Sunday, 8 August 2010

Social Media ROI

Last week I was set a challenge by a colleague/boss to calculate how many people a social media campaign would reach / engage with.

So, I used the 1:9:90 rule of participation, which states that in online social communities:
  • 1% of the audience create stuff: Creators
  • 9% comment or edit content: Commenters
  • 90% just watch, or read stuff: Spectators
Taking a community that has 4,000 people actively creating stuff that can be considered content about a brand, then you get:
  • 36,000 Commenters
  • 360,000 Spectators.
What I also did was look at the impact of the 36,000 commenters' social graph. Based on the community being in Facebook [which in the challenge, it was], then the commenting and editing of brand content will be spread through each Commenter's social graph i.e the Commenters' Facebook Friends will see that they have commented on the brand's content.

The average number of Friends a person has on Facebook is 150. So, the total reach of the campaign is 36,000 multiplied by 150 = 5.6M.

I know I've made a lot of assumptions, but so does the TV advertising industry and print media advertising industry - they extrapolate behaviour for the nation based on a sample size and assume that no one walks out of the room when the adverts come in and that everyone reads every page of every issue of a newspaper.

If we get to do the campaign, then I can put my theory to the test. Fingers crossed.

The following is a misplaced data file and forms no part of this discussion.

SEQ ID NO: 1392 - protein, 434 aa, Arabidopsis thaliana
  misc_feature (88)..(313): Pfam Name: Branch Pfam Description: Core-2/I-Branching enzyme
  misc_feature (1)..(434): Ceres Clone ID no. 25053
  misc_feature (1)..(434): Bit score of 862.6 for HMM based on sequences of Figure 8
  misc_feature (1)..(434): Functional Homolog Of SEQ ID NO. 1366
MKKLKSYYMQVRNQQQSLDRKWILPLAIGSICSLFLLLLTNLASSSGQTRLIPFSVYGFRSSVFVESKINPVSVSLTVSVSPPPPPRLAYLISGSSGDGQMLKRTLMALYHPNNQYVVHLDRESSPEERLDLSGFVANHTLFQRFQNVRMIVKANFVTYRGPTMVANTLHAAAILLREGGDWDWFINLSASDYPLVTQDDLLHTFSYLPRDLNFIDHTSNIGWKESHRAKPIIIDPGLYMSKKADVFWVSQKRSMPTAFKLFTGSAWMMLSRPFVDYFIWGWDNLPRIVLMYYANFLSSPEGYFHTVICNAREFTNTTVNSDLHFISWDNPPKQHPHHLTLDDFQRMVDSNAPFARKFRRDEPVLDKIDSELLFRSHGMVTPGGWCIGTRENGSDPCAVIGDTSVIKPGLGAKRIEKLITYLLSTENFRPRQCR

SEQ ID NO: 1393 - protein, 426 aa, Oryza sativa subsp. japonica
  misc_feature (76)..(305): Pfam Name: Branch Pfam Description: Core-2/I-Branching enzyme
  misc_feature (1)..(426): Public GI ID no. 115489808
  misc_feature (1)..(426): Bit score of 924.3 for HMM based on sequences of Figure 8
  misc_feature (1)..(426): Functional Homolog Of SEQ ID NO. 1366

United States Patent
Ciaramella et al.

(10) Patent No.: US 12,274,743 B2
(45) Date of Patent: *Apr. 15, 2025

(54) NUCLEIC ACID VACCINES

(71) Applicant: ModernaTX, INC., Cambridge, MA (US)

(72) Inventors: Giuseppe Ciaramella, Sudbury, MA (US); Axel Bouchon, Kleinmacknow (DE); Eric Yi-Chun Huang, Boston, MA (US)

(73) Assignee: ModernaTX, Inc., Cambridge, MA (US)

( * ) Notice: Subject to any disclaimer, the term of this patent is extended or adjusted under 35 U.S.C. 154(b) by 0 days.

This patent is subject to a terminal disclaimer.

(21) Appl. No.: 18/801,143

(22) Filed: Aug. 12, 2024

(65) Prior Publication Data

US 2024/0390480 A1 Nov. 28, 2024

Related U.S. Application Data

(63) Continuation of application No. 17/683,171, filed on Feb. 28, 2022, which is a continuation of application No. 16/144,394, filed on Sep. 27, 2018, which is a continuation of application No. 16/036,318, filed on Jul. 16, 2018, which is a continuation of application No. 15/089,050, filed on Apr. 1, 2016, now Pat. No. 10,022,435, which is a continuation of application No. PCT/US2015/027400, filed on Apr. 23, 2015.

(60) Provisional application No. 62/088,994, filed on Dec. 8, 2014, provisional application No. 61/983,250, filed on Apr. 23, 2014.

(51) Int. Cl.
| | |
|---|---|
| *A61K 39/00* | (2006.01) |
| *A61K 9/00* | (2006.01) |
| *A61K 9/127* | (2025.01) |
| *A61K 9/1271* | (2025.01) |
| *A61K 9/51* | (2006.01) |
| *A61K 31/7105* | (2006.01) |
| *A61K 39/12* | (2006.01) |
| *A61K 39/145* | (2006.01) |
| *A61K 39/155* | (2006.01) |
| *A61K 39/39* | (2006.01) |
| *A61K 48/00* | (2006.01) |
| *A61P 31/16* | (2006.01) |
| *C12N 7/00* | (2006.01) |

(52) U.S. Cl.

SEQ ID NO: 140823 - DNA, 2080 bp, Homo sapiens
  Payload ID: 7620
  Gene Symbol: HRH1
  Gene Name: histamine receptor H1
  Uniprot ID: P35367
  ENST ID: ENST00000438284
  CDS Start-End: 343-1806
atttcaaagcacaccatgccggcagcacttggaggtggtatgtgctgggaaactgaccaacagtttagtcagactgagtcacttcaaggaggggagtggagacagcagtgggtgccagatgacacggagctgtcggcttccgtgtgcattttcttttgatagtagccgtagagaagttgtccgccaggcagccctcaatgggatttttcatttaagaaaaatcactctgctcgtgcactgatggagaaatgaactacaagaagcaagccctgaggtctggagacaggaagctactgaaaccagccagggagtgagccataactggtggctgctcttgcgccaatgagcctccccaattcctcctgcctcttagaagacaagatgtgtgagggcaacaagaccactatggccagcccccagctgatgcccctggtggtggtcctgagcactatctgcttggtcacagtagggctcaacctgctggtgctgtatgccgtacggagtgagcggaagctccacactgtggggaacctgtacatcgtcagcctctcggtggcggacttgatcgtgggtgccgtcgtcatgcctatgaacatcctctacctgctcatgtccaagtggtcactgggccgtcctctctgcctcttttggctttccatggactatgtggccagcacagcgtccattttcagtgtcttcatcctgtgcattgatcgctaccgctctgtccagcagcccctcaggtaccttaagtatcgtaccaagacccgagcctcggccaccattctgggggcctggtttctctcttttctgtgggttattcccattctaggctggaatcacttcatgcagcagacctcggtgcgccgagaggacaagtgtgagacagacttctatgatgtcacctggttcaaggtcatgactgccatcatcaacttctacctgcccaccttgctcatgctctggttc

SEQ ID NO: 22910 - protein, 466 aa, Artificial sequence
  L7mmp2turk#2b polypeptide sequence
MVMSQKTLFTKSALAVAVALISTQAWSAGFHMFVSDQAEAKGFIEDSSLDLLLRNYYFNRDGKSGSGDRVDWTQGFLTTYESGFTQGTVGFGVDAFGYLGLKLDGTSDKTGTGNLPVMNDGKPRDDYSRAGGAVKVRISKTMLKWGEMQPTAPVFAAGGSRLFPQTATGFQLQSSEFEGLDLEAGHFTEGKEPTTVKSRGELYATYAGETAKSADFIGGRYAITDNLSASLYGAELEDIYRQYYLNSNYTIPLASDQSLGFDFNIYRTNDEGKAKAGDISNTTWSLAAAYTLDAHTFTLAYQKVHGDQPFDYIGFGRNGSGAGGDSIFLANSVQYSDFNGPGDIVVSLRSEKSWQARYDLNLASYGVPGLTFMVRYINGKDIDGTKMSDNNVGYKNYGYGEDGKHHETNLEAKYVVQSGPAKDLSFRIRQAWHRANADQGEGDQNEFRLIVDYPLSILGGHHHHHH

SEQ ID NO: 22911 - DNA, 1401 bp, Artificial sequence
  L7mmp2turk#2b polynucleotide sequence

2 comments:

Fezzer said...

The IAB have been tackling this issue for some time prior to the social media revolution and our industry is far more fragmented now than ever, so achieving an acceptable measure to all is going to be tricky even more for agencies and community managers fighting for an appropriate allocation of budget. I think your thought process is sound - but do think the key is a standard currency which Press, radio and tv all have.
The key for me is link the activity to the digital objective at hand:
SEO, Sales, Increased conversations online etc...
And if that fails remind them why Pepsi opted for a large scale social media CSR campaign as opposed a SuperBowl TV ad!! ;)

Robin Wilson said...

Hey, thanks for your comment. I agree completely and I'm not sure if the industry will ever get there. But, because it is new and untried by some brands, we will always get asked to compare it to traditional forms of marcomms.
I think linking it to a business objective is always preferable. The difficult bit is showing how it affected a business objective, when so many other variables can have an impact.